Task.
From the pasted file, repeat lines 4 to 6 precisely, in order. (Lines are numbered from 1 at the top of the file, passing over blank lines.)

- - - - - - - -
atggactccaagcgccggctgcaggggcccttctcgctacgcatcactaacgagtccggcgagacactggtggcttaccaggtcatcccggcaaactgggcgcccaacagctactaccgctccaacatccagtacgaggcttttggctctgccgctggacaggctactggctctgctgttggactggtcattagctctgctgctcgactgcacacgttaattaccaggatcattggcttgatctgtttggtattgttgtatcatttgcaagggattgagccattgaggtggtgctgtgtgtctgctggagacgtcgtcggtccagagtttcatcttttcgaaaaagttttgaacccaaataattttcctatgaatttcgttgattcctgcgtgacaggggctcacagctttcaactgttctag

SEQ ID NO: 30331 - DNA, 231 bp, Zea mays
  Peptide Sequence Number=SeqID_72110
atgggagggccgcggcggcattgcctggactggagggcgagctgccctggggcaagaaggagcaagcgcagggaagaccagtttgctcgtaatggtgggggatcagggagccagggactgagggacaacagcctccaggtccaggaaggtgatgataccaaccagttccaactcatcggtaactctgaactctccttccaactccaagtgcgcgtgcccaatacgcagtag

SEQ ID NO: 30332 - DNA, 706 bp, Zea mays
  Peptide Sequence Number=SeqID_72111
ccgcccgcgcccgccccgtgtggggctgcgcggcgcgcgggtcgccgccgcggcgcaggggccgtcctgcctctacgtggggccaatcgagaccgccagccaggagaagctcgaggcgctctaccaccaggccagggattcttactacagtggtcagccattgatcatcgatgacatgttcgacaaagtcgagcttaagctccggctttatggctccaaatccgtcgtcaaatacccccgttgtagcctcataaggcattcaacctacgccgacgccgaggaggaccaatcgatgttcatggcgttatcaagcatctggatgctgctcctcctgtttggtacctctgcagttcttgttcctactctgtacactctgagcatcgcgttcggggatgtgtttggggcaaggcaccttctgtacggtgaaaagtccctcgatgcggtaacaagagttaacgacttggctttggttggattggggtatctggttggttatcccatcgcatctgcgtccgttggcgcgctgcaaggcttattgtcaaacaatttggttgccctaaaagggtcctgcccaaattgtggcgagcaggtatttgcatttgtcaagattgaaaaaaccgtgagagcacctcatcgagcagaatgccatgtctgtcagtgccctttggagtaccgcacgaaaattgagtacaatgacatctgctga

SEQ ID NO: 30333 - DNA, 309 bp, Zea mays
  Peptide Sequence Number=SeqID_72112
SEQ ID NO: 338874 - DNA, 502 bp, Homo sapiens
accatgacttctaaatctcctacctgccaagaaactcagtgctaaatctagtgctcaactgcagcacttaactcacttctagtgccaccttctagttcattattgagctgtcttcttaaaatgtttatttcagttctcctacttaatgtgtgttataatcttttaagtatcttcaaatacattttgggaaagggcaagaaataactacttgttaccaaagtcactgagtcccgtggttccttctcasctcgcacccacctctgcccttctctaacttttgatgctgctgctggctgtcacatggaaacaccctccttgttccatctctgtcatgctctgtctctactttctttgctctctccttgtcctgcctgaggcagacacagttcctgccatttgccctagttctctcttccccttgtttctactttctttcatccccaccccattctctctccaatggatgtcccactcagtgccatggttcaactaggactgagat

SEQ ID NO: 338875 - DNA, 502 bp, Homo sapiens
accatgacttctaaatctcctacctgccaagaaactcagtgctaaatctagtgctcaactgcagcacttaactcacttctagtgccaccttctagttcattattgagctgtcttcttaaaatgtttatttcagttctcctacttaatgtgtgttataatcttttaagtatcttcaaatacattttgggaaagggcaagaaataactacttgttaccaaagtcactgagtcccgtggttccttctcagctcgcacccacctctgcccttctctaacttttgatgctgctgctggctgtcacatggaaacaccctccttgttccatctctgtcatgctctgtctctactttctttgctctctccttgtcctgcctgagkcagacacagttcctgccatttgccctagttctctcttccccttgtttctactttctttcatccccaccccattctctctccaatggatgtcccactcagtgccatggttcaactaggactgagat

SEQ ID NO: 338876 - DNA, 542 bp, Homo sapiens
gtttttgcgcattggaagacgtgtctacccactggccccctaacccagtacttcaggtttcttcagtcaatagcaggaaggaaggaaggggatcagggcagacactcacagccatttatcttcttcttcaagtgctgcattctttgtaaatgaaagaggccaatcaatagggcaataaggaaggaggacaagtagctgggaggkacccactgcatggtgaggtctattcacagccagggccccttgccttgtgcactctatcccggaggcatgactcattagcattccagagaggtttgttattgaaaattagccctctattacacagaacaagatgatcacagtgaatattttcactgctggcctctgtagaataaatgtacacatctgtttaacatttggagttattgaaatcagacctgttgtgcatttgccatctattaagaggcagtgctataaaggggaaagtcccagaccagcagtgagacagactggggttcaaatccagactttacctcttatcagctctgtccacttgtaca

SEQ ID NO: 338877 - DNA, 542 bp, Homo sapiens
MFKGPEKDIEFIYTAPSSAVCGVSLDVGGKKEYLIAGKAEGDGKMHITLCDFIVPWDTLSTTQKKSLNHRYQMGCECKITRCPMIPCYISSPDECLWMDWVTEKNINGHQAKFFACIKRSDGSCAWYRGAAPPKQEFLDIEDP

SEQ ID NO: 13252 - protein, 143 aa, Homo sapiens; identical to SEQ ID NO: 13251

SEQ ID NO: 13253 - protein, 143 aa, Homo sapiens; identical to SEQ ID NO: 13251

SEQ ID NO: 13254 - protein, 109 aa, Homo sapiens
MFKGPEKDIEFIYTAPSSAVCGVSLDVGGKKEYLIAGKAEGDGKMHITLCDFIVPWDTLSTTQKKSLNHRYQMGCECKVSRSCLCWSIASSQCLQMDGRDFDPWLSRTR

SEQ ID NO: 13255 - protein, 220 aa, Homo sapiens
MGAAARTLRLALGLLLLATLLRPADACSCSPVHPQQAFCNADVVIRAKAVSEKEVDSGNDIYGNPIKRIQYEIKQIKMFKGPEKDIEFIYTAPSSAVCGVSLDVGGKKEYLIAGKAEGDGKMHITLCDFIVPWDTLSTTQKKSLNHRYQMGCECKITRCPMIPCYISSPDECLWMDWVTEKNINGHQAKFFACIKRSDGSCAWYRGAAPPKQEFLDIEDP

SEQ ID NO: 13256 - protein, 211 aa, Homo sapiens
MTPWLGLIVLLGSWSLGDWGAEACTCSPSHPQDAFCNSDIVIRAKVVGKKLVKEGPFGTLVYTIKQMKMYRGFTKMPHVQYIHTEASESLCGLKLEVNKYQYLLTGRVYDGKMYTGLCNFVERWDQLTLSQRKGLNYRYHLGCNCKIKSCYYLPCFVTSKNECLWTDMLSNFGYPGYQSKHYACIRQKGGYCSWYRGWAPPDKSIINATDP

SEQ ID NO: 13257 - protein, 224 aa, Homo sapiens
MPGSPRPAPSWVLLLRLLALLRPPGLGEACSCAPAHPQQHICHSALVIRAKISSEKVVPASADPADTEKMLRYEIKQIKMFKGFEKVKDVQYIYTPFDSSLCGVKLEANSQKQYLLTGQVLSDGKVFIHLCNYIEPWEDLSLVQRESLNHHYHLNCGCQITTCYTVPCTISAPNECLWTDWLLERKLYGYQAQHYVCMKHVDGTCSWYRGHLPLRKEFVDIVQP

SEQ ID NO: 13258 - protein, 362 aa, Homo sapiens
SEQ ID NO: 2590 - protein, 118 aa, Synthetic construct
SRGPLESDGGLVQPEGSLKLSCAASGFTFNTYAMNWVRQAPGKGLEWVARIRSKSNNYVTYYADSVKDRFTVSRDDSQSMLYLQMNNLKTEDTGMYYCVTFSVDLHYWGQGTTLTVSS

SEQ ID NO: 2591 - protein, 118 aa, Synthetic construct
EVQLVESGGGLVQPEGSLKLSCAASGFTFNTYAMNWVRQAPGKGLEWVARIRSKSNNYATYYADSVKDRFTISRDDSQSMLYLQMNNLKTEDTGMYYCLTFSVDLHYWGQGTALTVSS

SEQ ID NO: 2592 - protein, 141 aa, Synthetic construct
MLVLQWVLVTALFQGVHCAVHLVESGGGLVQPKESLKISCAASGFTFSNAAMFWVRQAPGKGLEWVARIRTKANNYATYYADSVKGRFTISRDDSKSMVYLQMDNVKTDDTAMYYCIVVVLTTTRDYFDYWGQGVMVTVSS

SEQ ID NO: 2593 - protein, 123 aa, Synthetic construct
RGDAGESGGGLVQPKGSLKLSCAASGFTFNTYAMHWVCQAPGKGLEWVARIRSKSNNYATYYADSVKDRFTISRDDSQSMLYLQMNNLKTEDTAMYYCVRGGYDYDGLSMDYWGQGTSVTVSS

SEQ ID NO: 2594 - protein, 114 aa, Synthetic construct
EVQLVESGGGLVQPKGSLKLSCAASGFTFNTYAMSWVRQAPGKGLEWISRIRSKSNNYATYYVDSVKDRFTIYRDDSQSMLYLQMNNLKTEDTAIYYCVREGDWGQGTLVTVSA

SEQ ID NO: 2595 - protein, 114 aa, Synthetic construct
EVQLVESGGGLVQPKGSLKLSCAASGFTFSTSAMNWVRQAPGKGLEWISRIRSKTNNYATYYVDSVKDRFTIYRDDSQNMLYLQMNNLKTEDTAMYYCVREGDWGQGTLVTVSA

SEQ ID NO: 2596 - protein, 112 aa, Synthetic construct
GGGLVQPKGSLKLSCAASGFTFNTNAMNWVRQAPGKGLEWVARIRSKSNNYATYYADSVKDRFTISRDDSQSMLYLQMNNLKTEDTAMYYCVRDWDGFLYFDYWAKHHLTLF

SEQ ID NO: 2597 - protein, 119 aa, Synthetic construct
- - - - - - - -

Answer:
atgggagggccgcggcggcattgcctggactggagggcgagctgccctggggcaagaaggagcaagcgcagggaagaccagtttgctcgtaatggtgggggatcagggagccagggactgagggacaacagcctccaggtccaggaaggtgatgataccaaccagttccaactcatcggtaactctgaactctccttccaactccaagtgcgcgtgcccaatacgcagtag

SEQ ID NO: 30332 - DNA, 706 bp, Zea mays
  Peptide Sequence Number=SeqID_72111